## Sylow’s Theorems Revisited

**Point of Post: **In this post we give a more refined proof of Sylow’s Theorems.

*Motivation*

On this blog I have given a proof of Sylow’s theorems and an alternate proof of Sylow’s first theorem. A year or so later, with more time, and more finesse I’d like to give the simplest, most coherent proof of Sylow’s theorems.

*Sylow’s Theorems*

We assume all the notations such as being the set of Sylow -subgroups of and ,etc. are known to the reader:

**Theorem (Sylow): ***Let be a finite group with where , then:*

**Proof:**

We construct such a group inductively. Evidently if then we may take the trivial group. Suppose then that we have found a subgroup of with for . We know then that and so by a previous theorem we have that . Thus, by Cauchy’s Theorem there exists with . By the fourth isomorphism theorem we know that for some and so, in particular, we have that . As stated, from this we may construct subgroups of with .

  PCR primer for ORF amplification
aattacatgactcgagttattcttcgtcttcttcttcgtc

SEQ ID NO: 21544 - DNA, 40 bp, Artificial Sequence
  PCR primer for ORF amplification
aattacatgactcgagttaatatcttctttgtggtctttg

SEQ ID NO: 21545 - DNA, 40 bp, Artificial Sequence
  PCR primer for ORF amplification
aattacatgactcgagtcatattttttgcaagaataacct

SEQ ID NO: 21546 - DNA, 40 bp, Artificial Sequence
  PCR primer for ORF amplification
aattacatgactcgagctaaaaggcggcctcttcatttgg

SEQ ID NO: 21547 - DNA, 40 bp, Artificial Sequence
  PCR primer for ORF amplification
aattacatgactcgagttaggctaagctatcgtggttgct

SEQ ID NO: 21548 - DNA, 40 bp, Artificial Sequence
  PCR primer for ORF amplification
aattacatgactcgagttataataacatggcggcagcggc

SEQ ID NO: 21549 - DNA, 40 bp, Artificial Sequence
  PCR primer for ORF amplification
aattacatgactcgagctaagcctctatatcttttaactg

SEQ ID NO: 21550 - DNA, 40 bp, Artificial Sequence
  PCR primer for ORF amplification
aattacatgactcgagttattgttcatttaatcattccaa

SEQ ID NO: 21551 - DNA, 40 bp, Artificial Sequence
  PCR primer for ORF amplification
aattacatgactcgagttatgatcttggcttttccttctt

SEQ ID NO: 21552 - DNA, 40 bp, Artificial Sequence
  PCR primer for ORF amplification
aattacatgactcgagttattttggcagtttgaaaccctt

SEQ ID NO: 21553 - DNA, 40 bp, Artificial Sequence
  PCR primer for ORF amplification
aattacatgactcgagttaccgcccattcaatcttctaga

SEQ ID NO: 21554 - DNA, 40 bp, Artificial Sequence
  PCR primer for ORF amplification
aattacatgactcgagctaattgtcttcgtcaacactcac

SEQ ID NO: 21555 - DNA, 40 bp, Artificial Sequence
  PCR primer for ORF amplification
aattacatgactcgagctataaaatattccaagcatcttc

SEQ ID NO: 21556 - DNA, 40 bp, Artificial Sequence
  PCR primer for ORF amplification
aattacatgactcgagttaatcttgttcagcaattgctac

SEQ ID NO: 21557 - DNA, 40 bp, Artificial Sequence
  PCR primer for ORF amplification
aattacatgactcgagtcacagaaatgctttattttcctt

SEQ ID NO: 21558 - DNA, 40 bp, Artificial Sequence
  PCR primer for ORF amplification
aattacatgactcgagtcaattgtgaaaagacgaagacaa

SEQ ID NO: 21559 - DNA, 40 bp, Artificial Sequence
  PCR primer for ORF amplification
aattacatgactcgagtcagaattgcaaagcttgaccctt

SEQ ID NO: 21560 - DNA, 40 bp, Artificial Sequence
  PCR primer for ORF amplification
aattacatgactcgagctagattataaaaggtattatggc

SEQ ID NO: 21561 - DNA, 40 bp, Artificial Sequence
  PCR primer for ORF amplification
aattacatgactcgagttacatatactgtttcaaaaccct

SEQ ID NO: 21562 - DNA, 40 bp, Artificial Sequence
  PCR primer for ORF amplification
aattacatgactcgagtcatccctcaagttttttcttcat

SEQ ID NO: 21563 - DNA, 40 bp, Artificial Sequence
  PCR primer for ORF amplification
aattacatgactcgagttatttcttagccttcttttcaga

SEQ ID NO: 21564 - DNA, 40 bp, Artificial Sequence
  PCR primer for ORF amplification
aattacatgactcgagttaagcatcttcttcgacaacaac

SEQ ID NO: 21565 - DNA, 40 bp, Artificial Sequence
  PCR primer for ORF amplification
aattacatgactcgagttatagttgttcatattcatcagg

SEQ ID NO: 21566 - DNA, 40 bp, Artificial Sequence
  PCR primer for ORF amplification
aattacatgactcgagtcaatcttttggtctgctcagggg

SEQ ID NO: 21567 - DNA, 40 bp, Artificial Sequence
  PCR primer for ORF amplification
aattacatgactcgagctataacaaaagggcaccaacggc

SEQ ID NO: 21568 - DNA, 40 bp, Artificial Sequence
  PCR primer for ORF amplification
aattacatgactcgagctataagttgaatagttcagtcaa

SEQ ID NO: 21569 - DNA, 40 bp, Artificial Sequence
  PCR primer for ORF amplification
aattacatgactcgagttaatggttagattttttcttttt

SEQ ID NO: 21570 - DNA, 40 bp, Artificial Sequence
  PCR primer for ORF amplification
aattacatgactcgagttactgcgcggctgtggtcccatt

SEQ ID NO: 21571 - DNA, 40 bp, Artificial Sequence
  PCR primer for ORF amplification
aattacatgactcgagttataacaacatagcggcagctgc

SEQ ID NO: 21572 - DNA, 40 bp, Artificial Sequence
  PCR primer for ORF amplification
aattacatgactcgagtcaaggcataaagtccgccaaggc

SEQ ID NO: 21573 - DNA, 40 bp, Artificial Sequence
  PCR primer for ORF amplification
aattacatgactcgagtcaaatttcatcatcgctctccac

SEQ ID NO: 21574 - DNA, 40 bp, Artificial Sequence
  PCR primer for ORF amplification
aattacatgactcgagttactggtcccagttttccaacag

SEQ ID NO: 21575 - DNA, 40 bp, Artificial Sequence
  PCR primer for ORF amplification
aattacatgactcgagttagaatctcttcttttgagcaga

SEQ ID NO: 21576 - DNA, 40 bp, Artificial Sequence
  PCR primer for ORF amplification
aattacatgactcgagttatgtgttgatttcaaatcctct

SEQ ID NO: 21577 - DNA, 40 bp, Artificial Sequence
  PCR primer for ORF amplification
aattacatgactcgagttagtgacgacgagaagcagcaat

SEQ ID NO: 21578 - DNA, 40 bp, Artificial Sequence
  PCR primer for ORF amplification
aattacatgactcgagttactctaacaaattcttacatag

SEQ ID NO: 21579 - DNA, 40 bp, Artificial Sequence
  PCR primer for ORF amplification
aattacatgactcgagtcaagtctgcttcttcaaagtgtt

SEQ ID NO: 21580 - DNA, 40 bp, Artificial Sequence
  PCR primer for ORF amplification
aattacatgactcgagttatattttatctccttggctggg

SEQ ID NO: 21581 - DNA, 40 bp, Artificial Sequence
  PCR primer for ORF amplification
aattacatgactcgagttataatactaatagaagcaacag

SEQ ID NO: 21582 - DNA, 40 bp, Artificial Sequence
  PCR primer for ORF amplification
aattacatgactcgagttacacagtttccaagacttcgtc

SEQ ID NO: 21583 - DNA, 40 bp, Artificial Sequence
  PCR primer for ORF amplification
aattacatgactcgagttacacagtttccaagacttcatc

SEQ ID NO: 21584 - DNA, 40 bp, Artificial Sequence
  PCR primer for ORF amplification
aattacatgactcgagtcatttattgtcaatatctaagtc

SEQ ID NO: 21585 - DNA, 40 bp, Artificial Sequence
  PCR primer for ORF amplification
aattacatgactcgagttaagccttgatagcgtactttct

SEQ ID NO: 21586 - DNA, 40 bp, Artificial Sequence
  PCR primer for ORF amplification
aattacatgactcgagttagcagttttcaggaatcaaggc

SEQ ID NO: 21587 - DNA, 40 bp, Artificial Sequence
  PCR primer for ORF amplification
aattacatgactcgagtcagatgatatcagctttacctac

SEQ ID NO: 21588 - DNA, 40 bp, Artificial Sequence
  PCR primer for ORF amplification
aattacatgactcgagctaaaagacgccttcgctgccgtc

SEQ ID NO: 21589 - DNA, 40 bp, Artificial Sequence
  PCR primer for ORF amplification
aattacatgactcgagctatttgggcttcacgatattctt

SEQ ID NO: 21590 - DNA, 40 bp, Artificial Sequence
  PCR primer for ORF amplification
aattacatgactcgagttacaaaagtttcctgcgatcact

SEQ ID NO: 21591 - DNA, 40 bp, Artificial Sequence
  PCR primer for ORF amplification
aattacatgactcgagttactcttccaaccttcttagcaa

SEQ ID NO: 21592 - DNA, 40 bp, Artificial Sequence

Let act on by left multiplication. Since is a -group we have by the ‘fundamental theorem’ that . That said, since we have in particular that and so is non-empty. So, let then for all and so for all , or equivalently . Thus, . In particular, if we have that and so .

Let act on by conjugation. By we know that this action is transitive. In particular, we have that for any . That said, we note by definition that and so .

For the second part of the statement we let act on by conjugation. By the ‘fundamental theorem’ we know that . What we claim though is that . Indeed, it’s evident that , and so now assume that . We have then that and so , but we know that

and since and is the maximal power of dividing we may conclude that and so . Thus, . Noting then that completes the proof.

**References:**

1. Isaacs, I. Martin. *Finite Group Theory*. Providence, RI: American Mathematical Society, 2008. Print.

2. Dummit, David Steven., and Richard M. Foote. *Abstract Algebra*. Hoboken, NJ: Wiley, 2004. Print.

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